Hair-raising sculpture is the mane focus of Uttlesford artist’s new exhibition

10:02 04 September 2014

Artist Valerie Inns works on her 16ft sculpture made from animal hair at the University of Herts

Artist Valerie Inns works on her 16ft sculpture made from animal hair at the University of Herts

Archant

A 16ft hair-raising sculpture – created by an Uttlesford artist and made entirely of animal hair – is the centrepiece of an exhibition aimed at connecting people’s bodies to the materials on display.

Artist Valerie Inns stands in front of her 16ft sculpture made from animal hair at the University of HertsArtist Valerie Inns stands in front of her 16ft sculpture made from animal hair at the University of Herts

Valerie Inns has spent months putting together her show, Substratum, at the prestigious University of Hertfordshire Galleries. The artist, who lives in Duck End, Stebbing, is fascinated by materials and relishes the process of transforming them into artworks.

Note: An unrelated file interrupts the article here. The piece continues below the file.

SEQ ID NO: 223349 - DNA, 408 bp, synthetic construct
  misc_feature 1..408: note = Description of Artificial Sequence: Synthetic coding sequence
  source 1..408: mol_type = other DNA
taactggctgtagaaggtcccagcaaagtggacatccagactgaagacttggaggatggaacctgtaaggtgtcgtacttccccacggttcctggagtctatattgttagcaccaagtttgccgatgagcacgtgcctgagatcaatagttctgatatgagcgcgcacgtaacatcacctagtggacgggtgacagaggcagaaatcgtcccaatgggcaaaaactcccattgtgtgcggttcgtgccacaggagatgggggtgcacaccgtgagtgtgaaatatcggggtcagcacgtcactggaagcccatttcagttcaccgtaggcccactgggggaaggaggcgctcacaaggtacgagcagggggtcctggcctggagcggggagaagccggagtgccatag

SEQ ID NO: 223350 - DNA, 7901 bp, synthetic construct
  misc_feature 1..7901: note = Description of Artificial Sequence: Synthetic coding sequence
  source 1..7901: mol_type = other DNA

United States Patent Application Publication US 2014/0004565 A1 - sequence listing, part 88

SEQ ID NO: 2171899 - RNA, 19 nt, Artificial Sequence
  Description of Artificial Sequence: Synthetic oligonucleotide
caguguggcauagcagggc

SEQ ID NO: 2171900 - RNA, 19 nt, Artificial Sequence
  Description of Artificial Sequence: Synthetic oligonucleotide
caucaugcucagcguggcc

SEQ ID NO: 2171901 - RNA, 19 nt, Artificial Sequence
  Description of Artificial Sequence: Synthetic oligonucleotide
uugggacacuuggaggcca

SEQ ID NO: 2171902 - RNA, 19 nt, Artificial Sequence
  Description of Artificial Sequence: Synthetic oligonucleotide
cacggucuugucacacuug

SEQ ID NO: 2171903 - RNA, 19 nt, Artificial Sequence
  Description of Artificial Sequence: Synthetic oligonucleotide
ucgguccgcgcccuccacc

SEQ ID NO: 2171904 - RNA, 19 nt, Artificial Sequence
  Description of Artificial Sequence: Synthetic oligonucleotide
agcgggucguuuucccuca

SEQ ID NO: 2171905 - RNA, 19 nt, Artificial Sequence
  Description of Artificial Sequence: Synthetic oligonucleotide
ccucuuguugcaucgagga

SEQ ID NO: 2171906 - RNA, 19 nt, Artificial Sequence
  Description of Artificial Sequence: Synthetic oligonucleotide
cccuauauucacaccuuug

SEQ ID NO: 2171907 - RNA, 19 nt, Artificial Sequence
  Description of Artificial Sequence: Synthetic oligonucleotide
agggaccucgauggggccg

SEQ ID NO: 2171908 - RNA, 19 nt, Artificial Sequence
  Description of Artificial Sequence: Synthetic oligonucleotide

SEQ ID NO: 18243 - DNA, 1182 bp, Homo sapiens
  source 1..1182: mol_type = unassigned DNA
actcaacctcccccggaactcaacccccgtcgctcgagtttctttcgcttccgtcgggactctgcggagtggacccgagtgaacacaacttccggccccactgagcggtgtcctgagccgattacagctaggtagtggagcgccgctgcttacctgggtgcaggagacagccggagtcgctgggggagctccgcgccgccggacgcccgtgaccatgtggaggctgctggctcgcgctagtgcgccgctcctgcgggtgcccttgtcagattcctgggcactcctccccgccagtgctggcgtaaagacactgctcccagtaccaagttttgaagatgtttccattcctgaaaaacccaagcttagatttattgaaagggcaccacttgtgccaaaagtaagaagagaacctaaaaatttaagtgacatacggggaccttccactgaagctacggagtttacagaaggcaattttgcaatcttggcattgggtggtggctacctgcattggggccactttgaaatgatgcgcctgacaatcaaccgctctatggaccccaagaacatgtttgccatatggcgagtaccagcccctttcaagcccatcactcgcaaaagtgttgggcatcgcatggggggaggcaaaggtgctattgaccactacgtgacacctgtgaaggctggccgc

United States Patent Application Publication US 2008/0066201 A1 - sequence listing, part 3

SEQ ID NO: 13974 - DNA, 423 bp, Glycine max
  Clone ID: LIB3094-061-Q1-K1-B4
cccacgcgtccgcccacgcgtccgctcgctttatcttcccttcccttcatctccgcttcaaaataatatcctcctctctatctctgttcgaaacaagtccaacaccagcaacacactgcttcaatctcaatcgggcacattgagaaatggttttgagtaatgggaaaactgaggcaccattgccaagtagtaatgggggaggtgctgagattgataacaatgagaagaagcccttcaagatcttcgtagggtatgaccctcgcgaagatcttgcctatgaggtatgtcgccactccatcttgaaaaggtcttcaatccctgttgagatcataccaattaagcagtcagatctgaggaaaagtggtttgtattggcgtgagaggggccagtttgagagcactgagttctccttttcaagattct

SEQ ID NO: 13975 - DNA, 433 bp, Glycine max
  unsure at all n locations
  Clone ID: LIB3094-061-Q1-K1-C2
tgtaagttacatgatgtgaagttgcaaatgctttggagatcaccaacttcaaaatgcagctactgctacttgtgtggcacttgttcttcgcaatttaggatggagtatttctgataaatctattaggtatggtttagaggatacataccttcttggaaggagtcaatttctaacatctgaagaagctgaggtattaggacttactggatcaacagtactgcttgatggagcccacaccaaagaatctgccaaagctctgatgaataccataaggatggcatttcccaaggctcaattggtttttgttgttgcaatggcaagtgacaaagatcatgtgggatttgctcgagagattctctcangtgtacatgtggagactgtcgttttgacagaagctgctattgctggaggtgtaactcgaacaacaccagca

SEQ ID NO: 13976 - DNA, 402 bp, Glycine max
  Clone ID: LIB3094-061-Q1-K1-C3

Plaster, cardboard, paper and plant seeds are some of her favourites.

Valerie, who creates objects that entice people to touch and explore, encouraging a physical response to their surfaces, said: “I work with materials which are really inspiring, and it is about finding a way of making them eloquent for people – it is a bit like poetry.”

Speaking about her thought-process behind the 16ft wall-mounted sculpture, she said: “I always use hair. Artists tend to use the material they have available. The gallery is very industrial and I have tried to draw with the hair to try and bend the wall.”

The mother-of-two spent four months as a resident artist within the School of Creative Arts, funded by Arts Council England. During this time Val researched how other disciplines across the University of Hertfordshire used and thought about materials.

This inspired her to create the pieces for her next exhibition, opening on Friday and running until October 18, which are designed to challenge the industrial architecture of the gallery space.

“The pieces are quite large,” she added. “This is an opportunity for me to bring to reality things that are a different scale. Sometimes, because of the scale, the work has been a bit overwhelming and can be very tedious.

“For me it is very ambitious but it is just wonderful to see it coming to life.”

Val, who has been working as an artist full time for more than 10 years, hopes visitors to the exhibition will find a connection with the material on display.

To find out more about Val visit valinns.co.uk.

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